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Jean Lambert London's Green MEP

London’s Green MEP welcomes strengthening of proposed EU Financial Transaction Tax

Jean gave the following speech at the European Green Party Copenhagen Summit, on Saturday 12 May 2012.

We have heard in Emilie Turunen’s excellent speech this afternoon that social Europe is not yet dead; there is vision.  But we should also be aware that there are some very nasty things going on in parts of our societies which, if not challenged, could see a wider, negative shift.

Inequality is goring in this crisis; it was already an issue in the boom years.  We risk what was described in a recent conference on quality work, as a “collapsing bottom and floating top” – a hollowed-out labour market of well-paid, highly skilled “floaters” and a low-skilled, poorly-paid bottom – scrabbling for whatever they can get. Not a recipe for social cohesion.

The same conference also raised the growing issue of “social jealousy” – particularly between the public and private sector.  A resentment of those seen to have a steady job and the prospect of a pension: a feeling of “Why should you have something I don’t have”? – a levelling-down, not a levelling-up.  No fight. Not even an argument as to how to ensure that all have better working conditions and decent pensions.  This is a significant win for those political forces arguing for greater privatisation and a smaller state per se: it’s not a search for greater quality and better performance, although it may be cloaked in those words.  This resentment makes it easier to cut back on the public sector, yet we know that strong public services are crucial for social inclusion and social progress and in many countries it is the public sector that has been at the forefront of genuinely flexible working practices (benefitting workers) and anti-discriminatory recruitment practices.

We are also seeing a return to 19th century (or even earlier) concepts of the “deserving and undeserving” poor.  I often feel I could scream when UK politicians speak of “hard working families” as those in need of support and thus excluding others – as if hard-working single people don’t exist, for example, of those who are looking for work and can’t find it don’t count.

We have a language developing that blames people on benefits for creating the crisis or preventing a solution.  The re-examination of the claims of those on disability benefit is an example.  In the UK, we have seen a rise in hate crimes and hate speech against people with disabilities; others report being accosted by people demanding “Why aren’t you at work? Why are you taking my money?” etc. Treated as if they are lazy or fraudsters.  We have a hardening of language and attitudes towards workers from other countries seen as “stealing” jobs, rather than contributing to our societies and economies.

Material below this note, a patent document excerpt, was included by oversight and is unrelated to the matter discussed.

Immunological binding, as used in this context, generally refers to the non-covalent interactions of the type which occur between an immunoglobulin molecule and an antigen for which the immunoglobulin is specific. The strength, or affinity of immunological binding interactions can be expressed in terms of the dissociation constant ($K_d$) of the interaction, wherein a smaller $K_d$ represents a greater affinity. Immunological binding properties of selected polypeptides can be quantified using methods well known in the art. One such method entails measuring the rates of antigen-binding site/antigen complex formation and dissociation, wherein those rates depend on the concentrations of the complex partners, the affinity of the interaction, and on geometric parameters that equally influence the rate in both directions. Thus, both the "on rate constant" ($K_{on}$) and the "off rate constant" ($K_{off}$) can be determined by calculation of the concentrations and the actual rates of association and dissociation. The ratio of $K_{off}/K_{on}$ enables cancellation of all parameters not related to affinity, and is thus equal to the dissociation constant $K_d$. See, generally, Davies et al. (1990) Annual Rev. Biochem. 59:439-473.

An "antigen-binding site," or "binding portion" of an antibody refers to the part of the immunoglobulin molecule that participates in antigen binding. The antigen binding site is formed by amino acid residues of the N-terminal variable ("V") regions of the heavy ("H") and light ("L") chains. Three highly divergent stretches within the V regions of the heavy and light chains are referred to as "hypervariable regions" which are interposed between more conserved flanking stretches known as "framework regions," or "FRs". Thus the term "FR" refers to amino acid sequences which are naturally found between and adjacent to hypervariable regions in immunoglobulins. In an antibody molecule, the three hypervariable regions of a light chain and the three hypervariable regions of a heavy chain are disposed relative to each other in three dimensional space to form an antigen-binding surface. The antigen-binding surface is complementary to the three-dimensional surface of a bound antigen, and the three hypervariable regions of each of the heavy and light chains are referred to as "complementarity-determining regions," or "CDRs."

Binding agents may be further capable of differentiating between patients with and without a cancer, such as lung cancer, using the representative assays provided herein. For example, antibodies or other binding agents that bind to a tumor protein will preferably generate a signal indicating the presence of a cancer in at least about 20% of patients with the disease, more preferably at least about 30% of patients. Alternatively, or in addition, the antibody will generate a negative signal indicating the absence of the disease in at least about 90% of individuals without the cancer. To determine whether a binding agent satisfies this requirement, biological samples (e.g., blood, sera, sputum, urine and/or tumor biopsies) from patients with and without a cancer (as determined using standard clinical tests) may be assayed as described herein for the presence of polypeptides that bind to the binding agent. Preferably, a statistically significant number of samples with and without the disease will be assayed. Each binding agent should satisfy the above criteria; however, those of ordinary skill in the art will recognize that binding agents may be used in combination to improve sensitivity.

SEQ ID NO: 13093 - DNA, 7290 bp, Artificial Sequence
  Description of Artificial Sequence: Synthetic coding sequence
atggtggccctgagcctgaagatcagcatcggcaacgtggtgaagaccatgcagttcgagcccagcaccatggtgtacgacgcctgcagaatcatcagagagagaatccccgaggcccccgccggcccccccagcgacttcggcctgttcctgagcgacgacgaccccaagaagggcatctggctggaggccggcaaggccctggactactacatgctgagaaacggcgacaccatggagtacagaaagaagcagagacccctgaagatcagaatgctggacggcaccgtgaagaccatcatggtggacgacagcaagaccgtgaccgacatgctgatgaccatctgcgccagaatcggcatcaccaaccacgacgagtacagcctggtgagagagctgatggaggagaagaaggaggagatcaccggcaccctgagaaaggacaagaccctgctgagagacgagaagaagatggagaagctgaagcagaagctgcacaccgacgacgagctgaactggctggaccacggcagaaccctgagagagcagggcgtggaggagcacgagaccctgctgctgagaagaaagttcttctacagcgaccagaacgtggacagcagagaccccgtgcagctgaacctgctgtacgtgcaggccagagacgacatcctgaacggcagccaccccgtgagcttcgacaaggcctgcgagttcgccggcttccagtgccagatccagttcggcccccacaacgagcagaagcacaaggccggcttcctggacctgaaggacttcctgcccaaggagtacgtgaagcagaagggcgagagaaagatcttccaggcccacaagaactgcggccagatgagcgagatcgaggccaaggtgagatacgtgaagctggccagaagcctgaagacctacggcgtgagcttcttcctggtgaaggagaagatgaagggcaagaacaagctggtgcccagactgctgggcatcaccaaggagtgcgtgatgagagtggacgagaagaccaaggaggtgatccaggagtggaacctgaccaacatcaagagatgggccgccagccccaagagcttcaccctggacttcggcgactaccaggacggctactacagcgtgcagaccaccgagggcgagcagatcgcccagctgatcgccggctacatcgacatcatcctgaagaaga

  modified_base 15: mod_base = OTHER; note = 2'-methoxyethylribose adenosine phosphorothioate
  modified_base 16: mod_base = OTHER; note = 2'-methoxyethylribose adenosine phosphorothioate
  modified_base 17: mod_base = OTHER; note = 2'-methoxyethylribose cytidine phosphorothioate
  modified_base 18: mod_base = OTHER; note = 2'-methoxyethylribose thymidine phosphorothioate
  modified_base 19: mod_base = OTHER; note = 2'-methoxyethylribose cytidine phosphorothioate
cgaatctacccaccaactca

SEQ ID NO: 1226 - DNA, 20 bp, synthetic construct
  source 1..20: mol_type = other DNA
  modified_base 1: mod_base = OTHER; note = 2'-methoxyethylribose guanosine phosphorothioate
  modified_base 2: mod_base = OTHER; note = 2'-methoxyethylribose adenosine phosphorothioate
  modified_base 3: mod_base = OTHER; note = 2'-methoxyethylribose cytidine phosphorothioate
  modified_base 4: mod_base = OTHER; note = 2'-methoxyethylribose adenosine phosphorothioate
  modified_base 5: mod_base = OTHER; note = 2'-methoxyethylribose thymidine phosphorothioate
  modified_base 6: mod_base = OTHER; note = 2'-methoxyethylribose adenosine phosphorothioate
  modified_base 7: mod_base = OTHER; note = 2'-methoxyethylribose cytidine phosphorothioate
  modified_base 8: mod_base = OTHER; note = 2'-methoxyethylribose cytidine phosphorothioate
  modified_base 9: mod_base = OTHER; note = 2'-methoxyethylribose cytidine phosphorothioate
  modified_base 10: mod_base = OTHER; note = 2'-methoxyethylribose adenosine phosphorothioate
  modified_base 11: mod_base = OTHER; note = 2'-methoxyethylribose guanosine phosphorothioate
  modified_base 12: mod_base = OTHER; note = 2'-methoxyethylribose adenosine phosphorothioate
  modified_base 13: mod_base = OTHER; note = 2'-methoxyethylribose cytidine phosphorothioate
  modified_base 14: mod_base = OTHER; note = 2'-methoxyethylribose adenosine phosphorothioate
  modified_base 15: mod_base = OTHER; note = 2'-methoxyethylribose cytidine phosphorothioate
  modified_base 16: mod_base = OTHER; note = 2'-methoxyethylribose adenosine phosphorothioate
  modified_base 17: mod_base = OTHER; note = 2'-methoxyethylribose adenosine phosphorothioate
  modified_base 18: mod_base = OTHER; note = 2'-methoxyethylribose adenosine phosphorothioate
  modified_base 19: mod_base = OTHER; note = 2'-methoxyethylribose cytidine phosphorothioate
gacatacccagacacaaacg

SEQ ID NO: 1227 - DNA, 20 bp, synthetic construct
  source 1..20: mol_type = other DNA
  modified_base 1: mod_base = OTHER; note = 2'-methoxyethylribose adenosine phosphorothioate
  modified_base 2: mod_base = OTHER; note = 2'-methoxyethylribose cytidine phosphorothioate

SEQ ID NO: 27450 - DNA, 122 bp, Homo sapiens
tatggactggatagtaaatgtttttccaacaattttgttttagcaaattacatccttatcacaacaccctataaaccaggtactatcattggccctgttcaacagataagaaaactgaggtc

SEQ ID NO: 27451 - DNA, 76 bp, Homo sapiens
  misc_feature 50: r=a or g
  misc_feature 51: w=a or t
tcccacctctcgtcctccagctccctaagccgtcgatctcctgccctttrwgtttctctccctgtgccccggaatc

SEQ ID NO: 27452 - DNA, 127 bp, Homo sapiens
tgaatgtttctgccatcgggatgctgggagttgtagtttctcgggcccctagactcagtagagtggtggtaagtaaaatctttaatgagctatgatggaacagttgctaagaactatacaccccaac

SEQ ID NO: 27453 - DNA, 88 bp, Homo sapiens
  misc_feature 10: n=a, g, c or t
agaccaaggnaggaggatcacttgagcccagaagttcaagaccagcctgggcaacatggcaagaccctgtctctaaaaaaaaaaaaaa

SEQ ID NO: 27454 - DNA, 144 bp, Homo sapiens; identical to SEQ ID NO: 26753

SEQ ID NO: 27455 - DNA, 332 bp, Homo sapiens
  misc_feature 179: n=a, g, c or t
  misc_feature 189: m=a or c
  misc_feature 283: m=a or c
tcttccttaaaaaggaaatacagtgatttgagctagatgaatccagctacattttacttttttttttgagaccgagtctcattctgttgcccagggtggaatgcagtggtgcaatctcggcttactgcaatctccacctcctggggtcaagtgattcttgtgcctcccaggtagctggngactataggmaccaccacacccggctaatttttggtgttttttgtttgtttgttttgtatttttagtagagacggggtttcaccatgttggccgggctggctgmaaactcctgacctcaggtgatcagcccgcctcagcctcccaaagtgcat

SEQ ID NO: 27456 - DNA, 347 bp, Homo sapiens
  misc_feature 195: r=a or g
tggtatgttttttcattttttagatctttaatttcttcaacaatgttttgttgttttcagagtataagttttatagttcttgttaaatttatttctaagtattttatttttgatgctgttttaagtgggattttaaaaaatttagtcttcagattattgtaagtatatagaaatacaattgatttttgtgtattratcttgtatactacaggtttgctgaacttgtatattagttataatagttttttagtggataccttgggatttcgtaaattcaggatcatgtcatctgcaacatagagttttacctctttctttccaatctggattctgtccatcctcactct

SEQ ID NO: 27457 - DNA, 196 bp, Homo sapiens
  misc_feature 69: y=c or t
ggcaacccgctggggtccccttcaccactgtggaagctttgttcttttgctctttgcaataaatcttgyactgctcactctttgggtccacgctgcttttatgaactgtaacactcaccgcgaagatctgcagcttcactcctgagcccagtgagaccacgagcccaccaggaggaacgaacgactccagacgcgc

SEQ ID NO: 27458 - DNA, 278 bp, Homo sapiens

We see the facile maths of 100 job vacancies and 100 unemployed – where’s the problem? As if there is automatically an easy fit: low-skilled workers can become professional engineers with the wave of a magic wand! Moving to where there is work is pushed as a solution.  Greens are all in favour of labour mobility, when it makes sense.  However, you have to recognise that many people – especially in difficult times – are not willing to leave their family and social network and move themselves and their families (assuming they can find affordable housing elsewhere) for a temporary, minimum wage job.

At least most EU countries have a minimum wage – whether set by law or social-partner agreement. Greens believe a living wage would be even better. We can try to solve in-work poverty (affecting at least 1 out of every 8 workers) by state subsidies to employees or we can expect employers to pay a wage people can live on.

We are seeing attacks on security in the workplace.  One British MP from a governing party has said that we could easily lose 80% of health and safety legislation.  Now, the Working Time Directive is health and safety legislation – it’s revision currently under discussion between social partners.  It’s designed to limit working hours so that tired workers are not a risk to themselves or others.  We will probably return to the fight later in the Parliament.

In the name of flexibility, we are seeing more short-term contracts, part-time and casual work but social security systems are generally not able to respond to this flexibility.  This prevents people taking opportunities: if you take a few days of casual work but lose benefits and then it takes weeks before the system can kick in again, wouldn’t you be tempted to either put the money straight in your pocket and stay quiet, or turn down the offer of work? Flexicurity is increasing off the agenda as flexibility takes a stronger hold.

Many of us in the European Parliament increasingly feel we’re fighting for what should be obvious.  Greens have been working with the International Social Security Association and the ILO to promote the message in the EP that social security systems are important as they:

Provide a buffer
Are an economic stabiliser, which keeps the local economy moving
Have enabled countries to soften the impact of the crisis (although it may not feel like that)
Help to reduce inequalities

Greens are fighting for:

Social conditionality on the so-called bail outs
An adequate minimum income, with a statutory basis
A core wage, ideally a living wage

Some parts of the Commission are fully on board with this and need to be supported.  We are determined to ensure that all Member States remember they have a commitment to socially inclusive growth under the EU 2020 strategy and this must be reflected in National Reform Plans.

Social Europe still matters – we have to help build it.